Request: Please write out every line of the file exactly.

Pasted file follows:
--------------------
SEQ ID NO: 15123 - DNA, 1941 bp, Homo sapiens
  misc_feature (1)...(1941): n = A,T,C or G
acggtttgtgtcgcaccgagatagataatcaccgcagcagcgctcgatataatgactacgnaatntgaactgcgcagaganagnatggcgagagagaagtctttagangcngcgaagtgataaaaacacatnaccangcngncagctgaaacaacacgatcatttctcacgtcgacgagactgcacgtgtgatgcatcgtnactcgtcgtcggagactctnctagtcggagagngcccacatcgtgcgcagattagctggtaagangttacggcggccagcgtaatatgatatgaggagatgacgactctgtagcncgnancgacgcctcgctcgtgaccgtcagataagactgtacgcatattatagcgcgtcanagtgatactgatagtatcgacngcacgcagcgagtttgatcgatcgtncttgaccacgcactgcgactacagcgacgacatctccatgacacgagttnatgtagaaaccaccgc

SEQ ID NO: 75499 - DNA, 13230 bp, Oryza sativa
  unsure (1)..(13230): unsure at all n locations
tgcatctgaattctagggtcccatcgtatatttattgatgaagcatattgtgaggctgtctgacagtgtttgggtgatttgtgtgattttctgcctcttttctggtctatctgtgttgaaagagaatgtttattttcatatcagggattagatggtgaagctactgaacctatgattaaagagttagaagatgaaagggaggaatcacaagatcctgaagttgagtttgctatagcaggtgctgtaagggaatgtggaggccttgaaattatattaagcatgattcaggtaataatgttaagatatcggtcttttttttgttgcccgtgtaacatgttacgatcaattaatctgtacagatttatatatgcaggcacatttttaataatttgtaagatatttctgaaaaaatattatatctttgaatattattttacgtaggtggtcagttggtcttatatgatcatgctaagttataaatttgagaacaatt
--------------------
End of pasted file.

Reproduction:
SEQ ID NO: 15123 - DNA, 1941 bp, Homo sapiens
  misc_feature (1)...(1941): n = A,T,C or G
acggtttgtgtcgcaccgagatagataatcaccgcagcagcgctcgatataatgactacgnaatntgaactgcgcagaganagnatggcgagagagaagtctttagangcngcgaagtgataaaaacacatnaccangcngncagctgaaacaacacgatcatttctcacgtcgacgagactgcacgtgtgatgcatcgtnactcgtcgtcggagactctnctagtcggagagngcccacatcgtgcgcagattagctggtaagangttacggcggccagcgtaatatgatatgaggagatgacgactctgtagcncgnancgacgcctcgctcgtgaccgtcagataagactgtacgcatattatagcgcgtcanagtgatactgatagtatcgacngcacgcagcgagtttgatcgatcgtncttgaccacgcactgcgactacagcgacgacatctccatgacacgagttnatgtagaaaccaccgc

SEQ ID NO: 75499 - DNA, 13230 bp, Oryza sativa
  unsure (1)..(13230): unsure at all n locations
tgcatctgaattctagggtcccatcgtatatttattgatgaagcatattgtgaggctgtctgacagtgtttgggtgatttgtgtgattttctgcctcttttctggtctatctgtgttgaaagagaatgtttattttcatatcagggattagatggtgaagctactgaacctatgattaaagagttagaagatgaaagggaggaatcacaagatcctgaagttgagtttgctatagcaggtgctgtaagggaatgtggaggccttgaaattatattaagcatgattcaggtaataatgttaagatatcggtcttttttttgttgcccgtgtaacatgttacgatcaattaatctgtacagatttatatatgcaggcacatttttaataatttgtaagatatttctgaaaaaatattatatctttgaatattattttacgtaggtggtcagttggtcttatatgatcatgctaagttataaatttgagaacaatt